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Sarah Bellamy


Penumbra Theatre is a black institution. It has made art by, for, and about black people for 44 years. We have stayed close to black community inside the Hallie Q. Brown Martin Luther King Center, even as the neighborhood around us has gentrified. Everyone is welcome in our space, but we have always been crystal clear about our intention to serve, love, and protect black community and resource black artists.

Today the black community is experiencing a deep and all too familiar pain with the murder of George Floyd. Righteous anger, boundless sadness, and blossoming fear are in our guts, in our throats. All of it is valid in response to such an insane violation of humanity. Today our black community needs all of the gentleness, resources, protections, and love that can be collectively mustered. 

Our babies are waking up to yet another tragedy. Our elders are grieving the return of behaviors  they laid their lives on the line to end fifty years ago. We are fatigued by complacency, by the politicization of our hurt, by those who see our wounds and lecture us about how our woundedness inconveniences them. We are tired, but we are not diminished.

As a black institution that has carried the water of racial equity work in Minnesota for decades, whose artists have given their breath and bodies and blood to the work of building our personal resiliency and deepening our collective humanity, we must be permitted the space to grieve right now. We will take the space that we need to be silent, to weep, to feel our way into what comes next. We have the right not to react but to marshal our reserves. We are mourning. 

Give us a moment while we practice deep self-love. Give us a moment while we gather our strength. 

There are so many ways that that we can show up for each other, many ways to demand justice, many ways to tend to the wounds that our community members are suffering. All of it is needed. Justice doesn't come from one person pushing against a system, or one group making noise. It comes from the mighty confluence of many streams all rushing forward to say, enough. No more. Not in our names. Not on our watch. It seems that moment has arrived for Minnesota and the United States of America.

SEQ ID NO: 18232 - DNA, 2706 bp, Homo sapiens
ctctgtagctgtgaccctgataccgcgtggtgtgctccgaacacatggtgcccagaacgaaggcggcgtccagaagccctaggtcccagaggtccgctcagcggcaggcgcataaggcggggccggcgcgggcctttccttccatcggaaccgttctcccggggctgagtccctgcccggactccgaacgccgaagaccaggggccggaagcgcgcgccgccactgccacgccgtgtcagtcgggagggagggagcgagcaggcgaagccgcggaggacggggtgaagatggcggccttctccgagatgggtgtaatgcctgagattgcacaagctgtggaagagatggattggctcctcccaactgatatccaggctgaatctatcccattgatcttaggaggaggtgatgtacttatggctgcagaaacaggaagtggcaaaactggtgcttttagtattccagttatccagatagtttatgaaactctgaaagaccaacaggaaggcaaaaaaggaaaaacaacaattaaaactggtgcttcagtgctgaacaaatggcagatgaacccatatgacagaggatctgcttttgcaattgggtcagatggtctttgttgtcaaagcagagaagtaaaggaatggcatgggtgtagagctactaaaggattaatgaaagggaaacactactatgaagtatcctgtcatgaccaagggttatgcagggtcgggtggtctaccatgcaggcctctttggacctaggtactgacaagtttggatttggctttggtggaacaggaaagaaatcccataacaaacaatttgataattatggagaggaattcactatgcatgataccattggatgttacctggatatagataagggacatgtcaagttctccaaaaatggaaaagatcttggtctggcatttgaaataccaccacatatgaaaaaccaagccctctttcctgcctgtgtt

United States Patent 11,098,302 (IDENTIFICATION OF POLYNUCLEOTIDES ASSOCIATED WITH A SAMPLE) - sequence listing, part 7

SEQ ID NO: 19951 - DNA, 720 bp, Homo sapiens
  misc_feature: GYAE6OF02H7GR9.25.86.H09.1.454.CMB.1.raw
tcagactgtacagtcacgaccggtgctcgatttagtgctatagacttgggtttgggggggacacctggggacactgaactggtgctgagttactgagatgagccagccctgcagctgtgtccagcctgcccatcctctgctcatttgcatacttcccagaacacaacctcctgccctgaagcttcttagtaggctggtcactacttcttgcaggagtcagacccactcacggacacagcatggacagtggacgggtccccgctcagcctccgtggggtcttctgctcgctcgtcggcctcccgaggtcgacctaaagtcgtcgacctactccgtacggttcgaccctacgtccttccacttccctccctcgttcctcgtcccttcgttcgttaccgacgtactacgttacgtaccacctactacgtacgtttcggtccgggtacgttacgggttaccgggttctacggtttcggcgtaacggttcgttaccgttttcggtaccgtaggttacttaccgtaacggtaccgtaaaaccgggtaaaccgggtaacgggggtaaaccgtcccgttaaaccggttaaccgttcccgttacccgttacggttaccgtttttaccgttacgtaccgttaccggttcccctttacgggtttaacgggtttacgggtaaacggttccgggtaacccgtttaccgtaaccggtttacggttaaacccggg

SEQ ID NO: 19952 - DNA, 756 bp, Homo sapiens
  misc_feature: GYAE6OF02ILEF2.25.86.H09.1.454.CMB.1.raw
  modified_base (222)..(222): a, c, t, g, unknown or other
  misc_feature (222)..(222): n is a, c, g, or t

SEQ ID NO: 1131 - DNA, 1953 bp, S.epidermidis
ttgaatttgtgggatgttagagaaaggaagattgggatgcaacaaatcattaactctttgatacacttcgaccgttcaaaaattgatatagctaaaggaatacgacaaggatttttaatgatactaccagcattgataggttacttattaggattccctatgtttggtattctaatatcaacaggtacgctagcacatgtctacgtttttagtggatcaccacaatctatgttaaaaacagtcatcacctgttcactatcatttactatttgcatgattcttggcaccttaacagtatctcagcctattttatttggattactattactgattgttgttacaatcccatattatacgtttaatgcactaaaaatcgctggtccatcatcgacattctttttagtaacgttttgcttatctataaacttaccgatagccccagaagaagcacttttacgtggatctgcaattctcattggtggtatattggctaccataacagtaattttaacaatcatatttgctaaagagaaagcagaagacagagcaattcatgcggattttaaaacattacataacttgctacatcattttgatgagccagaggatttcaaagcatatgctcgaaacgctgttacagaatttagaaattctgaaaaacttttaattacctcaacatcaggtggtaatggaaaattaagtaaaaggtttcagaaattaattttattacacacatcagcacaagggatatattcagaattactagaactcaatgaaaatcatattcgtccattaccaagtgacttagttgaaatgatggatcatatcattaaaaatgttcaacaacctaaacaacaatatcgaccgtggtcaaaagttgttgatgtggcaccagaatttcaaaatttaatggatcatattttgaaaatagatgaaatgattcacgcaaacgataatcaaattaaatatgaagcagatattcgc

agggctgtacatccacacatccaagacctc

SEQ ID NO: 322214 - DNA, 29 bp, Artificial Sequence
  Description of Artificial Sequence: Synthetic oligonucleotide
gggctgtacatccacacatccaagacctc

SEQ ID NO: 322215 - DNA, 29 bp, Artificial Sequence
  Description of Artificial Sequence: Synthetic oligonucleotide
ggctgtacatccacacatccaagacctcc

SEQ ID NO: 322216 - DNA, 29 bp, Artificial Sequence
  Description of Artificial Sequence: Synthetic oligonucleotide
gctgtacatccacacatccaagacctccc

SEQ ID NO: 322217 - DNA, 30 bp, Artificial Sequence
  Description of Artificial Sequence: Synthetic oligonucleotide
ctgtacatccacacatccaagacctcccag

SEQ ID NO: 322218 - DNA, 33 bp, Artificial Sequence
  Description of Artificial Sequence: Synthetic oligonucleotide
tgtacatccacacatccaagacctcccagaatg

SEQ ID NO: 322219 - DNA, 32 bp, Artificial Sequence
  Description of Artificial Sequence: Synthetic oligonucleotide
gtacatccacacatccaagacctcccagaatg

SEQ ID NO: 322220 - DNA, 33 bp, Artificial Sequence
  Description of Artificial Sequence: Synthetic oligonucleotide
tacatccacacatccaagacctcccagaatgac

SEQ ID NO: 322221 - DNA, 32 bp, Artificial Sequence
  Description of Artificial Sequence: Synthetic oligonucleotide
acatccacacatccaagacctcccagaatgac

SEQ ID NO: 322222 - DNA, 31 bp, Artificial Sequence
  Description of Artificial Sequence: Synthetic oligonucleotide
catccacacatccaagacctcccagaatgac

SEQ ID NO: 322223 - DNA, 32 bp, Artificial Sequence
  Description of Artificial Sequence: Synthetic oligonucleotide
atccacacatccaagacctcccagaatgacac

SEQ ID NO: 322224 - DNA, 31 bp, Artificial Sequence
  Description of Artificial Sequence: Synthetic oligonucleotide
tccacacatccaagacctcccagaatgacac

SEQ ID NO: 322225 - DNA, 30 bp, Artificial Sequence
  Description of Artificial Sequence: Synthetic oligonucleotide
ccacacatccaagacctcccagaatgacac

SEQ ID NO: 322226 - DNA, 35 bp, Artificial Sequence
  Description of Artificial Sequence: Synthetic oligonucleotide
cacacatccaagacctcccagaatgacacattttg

On Tuesday Penumbra virtually gathered a group of artists, healers, and activists in service of building a space of racial healing. We were silent. We sang. We danced. We trumpeted. We cried. We laughed. We spoke raw-throated into the moment. Some of us left to take care of our broken hearts. We made plans. We spoke wishes like secrets into a virtual space and felt ourselves get bigger and stronger as those wishes were caught and amen'd and ashe'd. May it be so. May it be so! We called deep on our intuitive knowing, our creative resiliency, our rich ancestry, our love, and our collective trust. And while that may not be all we can do, it is fundamental to whatever comes next.

In the past Penumbra has been a gathering place in times like these. Because of COVID-19 we cannot hold community in the way that we have historically done. So we are moving forward with deep intention into the virtual space. We are building a place where the work of racial healing can be manifested. It needs many hands. 

For white folks who want to help the black community right now, if you have the energy to act: step into the space and put your comfort at risk.  Stand with us. Stand next to us. Be kinder. Be even more compassionate. Listen better. Dig deeper. Move past fear. Don't wait for us to tell you what to do but be ready to listen when we offer constructive criticism or advice. We can't do this alone and we need everyone, everyone, in this fight. 

Penumbra stands ready to both initiate and support efforts toward our collective liberation and we will continue to create spaces where dreaming, building, and witnessing the fruit our labor can be done. Penumbra will be here. And that, in these times, is revolutionary.

I know that this art is nourishing, life-giving, and sometimes life-saving. In my human experience, I know of no more valiant effort than to create in the face of destruction. And that is what we will do.

We will hold this space, this sacred ground, so that when you need loving, when you need replenishment, when you need a space to dream, you can find it here.

With abiding love,

Sarah




Photo credit to Penumbra Theater Company

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